One of our most recent integration partners is with MinistryPlatform.  They specialize in Church Management software for mid-size to mega churches. Their “eco-system” concept is a perfect match for eSPACE, as their philosophy is to develop a product that allows their clients to integrate with “best in class” applications to meet their specific needs. They have steered away from the idea that they could be all things to all people and have seen the power of integration can provide a customized and flexible system that meets the specific needs of their market segment.

We are honored to have been selected by MinistryPlatform to be their go-to solution for all things facility. The integration that our firms have developed utilizes the best of both applications and allows the local church to incorporate the features/components that meet their needs.

Don’t just take our word for it! See what an IT Director recently posted online:

“We left our church management system for the brighter pastures of MinistryPlatform and found this awesome partner of theirs, eSPACE, for our facility management. I cannot say enough about CSR (Customer Service Rep)! They have been an absolute blast to work with.”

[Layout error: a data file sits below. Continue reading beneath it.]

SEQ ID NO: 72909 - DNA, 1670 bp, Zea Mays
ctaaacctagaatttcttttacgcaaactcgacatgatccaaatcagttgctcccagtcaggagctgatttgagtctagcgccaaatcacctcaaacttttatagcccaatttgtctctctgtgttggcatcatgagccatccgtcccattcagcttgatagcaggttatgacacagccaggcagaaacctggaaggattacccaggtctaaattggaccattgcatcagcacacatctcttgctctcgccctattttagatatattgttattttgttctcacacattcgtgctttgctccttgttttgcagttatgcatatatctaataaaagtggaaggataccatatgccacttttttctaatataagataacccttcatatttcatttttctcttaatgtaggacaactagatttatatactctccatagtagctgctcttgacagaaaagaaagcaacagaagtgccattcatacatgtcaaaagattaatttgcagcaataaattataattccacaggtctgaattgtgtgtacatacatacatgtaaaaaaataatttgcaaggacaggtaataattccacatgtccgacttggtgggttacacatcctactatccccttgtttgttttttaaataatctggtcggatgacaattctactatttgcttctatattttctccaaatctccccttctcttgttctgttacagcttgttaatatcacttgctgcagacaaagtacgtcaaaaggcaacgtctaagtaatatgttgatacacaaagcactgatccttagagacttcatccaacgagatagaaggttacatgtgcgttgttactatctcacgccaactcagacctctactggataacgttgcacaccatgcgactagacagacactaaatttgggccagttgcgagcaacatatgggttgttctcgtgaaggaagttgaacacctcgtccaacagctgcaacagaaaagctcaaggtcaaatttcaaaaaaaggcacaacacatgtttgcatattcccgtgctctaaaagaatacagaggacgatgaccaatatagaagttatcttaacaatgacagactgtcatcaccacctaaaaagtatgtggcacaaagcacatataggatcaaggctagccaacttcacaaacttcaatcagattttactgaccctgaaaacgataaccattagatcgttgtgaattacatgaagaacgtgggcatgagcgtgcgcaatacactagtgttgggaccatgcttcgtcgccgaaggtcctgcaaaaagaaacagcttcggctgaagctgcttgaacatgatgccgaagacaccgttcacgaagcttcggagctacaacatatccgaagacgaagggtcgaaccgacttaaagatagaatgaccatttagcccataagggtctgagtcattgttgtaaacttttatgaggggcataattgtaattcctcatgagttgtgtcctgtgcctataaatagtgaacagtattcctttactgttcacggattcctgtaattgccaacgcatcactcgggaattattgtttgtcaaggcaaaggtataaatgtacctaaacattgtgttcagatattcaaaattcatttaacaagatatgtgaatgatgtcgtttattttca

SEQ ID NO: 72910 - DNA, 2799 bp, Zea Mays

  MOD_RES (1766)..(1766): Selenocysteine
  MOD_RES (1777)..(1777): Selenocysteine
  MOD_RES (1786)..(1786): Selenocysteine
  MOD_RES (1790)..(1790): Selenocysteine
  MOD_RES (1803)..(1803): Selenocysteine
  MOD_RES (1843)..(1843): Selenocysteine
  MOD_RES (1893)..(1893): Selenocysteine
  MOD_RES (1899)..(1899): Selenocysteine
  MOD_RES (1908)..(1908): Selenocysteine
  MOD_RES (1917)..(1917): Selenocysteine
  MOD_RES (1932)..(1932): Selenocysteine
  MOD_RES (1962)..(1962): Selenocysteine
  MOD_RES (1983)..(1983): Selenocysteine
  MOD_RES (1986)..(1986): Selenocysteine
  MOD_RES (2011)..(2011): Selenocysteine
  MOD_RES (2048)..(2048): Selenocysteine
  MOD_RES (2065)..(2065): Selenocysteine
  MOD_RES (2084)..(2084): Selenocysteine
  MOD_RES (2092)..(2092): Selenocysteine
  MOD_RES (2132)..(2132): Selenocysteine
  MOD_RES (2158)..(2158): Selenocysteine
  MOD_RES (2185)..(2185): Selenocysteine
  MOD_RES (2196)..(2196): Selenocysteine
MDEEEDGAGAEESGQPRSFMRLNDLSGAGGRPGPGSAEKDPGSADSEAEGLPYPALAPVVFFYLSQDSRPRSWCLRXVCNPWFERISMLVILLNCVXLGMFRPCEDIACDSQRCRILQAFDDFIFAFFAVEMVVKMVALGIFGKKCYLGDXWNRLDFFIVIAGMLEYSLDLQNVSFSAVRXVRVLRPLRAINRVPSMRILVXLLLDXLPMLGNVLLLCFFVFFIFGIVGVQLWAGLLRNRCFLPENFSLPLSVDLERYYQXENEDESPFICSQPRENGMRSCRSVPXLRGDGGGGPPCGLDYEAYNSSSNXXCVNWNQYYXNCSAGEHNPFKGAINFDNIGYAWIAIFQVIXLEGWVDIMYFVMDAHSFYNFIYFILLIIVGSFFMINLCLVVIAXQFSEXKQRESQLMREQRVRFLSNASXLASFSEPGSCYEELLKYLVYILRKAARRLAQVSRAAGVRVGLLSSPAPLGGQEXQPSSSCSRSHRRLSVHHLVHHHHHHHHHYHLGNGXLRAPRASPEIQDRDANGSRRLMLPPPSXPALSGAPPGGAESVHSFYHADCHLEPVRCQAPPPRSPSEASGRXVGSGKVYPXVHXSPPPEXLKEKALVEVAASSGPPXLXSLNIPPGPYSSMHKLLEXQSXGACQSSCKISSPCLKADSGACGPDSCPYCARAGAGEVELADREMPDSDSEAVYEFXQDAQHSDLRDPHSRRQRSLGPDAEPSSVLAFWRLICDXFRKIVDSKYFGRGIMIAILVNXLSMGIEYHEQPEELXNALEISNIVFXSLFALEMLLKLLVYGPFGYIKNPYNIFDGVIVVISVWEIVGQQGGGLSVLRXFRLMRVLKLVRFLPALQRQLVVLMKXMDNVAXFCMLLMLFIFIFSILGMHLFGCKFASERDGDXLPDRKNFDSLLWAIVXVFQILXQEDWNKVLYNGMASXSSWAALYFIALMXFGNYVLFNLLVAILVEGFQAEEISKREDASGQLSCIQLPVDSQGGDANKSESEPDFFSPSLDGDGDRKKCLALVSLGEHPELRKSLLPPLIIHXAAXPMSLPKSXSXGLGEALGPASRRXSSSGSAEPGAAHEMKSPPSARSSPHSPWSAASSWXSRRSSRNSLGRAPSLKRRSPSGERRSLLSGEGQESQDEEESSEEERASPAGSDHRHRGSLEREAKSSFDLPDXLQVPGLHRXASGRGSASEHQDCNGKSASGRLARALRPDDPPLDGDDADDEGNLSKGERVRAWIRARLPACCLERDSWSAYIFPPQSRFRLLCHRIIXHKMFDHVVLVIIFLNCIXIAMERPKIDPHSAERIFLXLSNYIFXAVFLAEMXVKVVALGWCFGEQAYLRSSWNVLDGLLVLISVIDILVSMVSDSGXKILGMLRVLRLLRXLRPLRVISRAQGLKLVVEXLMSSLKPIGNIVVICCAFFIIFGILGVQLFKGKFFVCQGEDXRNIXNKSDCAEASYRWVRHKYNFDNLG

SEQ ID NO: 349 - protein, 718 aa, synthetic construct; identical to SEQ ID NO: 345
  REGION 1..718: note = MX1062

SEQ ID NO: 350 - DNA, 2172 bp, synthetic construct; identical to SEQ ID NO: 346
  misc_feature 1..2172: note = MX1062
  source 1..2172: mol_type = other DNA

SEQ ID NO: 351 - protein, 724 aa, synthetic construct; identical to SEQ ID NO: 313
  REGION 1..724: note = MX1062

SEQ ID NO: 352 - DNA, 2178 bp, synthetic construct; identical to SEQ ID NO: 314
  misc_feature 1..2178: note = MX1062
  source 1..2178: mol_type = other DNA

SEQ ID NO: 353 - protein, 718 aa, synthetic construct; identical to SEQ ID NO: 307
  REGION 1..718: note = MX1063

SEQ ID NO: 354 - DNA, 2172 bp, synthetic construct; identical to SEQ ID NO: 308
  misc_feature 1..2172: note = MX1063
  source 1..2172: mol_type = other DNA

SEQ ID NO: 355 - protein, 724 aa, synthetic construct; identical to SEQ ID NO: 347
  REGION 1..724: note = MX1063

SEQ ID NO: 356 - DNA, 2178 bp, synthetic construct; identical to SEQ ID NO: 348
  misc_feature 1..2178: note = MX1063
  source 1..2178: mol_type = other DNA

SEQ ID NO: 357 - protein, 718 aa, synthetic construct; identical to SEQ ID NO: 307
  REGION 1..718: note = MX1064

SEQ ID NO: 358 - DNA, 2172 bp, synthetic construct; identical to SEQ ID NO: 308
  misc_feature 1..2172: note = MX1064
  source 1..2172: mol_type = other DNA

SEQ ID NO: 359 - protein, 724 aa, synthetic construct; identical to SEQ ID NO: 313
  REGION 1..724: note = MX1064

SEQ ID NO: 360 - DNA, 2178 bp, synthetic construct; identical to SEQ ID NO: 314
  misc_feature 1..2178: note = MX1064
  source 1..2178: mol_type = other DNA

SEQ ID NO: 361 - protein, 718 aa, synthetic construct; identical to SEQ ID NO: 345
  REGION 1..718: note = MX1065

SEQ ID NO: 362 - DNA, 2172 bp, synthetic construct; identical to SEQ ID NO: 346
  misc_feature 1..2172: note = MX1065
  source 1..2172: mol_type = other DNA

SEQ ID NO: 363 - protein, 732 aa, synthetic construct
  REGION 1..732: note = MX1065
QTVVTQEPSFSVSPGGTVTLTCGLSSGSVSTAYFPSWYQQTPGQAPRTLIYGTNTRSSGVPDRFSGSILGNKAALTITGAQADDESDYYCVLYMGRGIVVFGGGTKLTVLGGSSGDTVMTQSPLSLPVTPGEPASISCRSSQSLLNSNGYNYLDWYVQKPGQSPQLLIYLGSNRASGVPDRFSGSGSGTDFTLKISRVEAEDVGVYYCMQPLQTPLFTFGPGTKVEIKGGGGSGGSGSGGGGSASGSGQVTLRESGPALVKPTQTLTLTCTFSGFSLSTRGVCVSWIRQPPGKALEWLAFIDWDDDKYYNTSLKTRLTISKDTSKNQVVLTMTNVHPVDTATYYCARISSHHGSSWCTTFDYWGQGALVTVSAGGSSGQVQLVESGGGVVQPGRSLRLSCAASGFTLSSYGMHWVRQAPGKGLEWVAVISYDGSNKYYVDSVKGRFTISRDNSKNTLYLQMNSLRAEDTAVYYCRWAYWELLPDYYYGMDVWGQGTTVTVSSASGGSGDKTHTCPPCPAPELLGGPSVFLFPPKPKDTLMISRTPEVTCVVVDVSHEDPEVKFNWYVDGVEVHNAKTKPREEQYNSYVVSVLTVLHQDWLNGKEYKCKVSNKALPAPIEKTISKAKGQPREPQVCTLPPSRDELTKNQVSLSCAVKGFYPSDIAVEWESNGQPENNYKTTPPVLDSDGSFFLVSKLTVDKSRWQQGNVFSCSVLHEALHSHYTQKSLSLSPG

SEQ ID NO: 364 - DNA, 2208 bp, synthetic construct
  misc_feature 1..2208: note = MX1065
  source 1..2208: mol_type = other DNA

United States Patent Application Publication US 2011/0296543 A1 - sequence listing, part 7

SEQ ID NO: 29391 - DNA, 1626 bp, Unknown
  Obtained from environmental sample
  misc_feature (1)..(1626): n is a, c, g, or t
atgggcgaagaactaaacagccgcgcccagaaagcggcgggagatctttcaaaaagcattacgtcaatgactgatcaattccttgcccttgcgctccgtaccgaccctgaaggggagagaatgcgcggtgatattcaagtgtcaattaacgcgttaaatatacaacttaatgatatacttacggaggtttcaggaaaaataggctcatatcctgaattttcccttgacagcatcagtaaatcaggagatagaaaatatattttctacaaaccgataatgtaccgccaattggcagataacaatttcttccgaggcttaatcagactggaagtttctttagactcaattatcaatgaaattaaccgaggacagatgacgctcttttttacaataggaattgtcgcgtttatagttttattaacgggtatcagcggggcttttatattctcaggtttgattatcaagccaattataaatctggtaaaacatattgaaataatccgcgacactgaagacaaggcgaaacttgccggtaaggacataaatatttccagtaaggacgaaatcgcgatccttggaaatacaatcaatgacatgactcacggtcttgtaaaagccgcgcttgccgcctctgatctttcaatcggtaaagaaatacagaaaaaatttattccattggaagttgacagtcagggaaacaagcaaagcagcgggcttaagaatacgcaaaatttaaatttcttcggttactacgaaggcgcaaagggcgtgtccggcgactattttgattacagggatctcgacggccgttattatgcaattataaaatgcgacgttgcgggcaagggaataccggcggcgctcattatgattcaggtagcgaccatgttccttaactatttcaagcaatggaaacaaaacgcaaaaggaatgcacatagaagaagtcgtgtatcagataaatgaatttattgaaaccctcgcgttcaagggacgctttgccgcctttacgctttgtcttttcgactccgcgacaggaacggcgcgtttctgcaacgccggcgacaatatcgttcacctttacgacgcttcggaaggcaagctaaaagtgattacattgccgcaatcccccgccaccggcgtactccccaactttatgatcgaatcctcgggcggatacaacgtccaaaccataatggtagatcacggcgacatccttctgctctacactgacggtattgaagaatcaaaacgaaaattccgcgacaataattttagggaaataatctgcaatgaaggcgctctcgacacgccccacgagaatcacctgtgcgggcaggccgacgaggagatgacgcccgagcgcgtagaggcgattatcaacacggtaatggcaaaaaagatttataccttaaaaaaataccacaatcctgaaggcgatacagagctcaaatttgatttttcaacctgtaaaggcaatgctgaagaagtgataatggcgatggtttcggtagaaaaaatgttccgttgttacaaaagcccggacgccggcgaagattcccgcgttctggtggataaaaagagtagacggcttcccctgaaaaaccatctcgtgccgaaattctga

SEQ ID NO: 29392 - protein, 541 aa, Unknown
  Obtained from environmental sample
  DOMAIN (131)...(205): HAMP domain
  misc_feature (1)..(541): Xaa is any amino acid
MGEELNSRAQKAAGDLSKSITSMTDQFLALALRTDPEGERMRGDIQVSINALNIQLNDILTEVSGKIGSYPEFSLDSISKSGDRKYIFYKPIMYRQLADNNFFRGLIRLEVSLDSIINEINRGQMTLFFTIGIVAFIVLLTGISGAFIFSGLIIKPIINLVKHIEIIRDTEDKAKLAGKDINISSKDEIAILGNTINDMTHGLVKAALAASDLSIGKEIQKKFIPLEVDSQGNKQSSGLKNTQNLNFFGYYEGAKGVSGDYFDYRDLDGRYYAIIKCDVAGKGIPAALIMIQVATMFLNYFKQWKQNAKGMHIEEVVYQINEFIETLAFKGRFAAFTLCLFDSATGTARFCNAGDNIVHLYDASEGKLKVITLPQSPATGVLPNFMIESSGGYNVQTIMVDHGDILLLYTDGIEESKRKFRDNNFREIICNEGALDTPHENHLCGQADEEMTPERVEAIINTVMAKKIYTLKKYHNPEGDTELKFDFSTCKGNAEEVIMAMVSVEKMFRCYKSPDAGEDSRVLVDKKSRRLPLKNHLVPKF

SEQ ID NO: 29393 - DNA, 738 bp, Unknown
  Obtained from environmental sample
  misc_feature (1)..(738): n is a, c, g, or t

– Central Community Church

To learn more about this integration, click HERE:

How SMART is Your Database?

Like you, I love the SMART devices in my house – Echos, plugs, Hue lights. It’s so cool to walk into a room and have “Alexa” turn on the light or TV or tell me the weather outside or set a reminder or update me on the news.  

eSPACE is bringing this Internet of Things to church facilities, but what does that look like for interaction with your church database?  Answer:Text-To-ChurchTM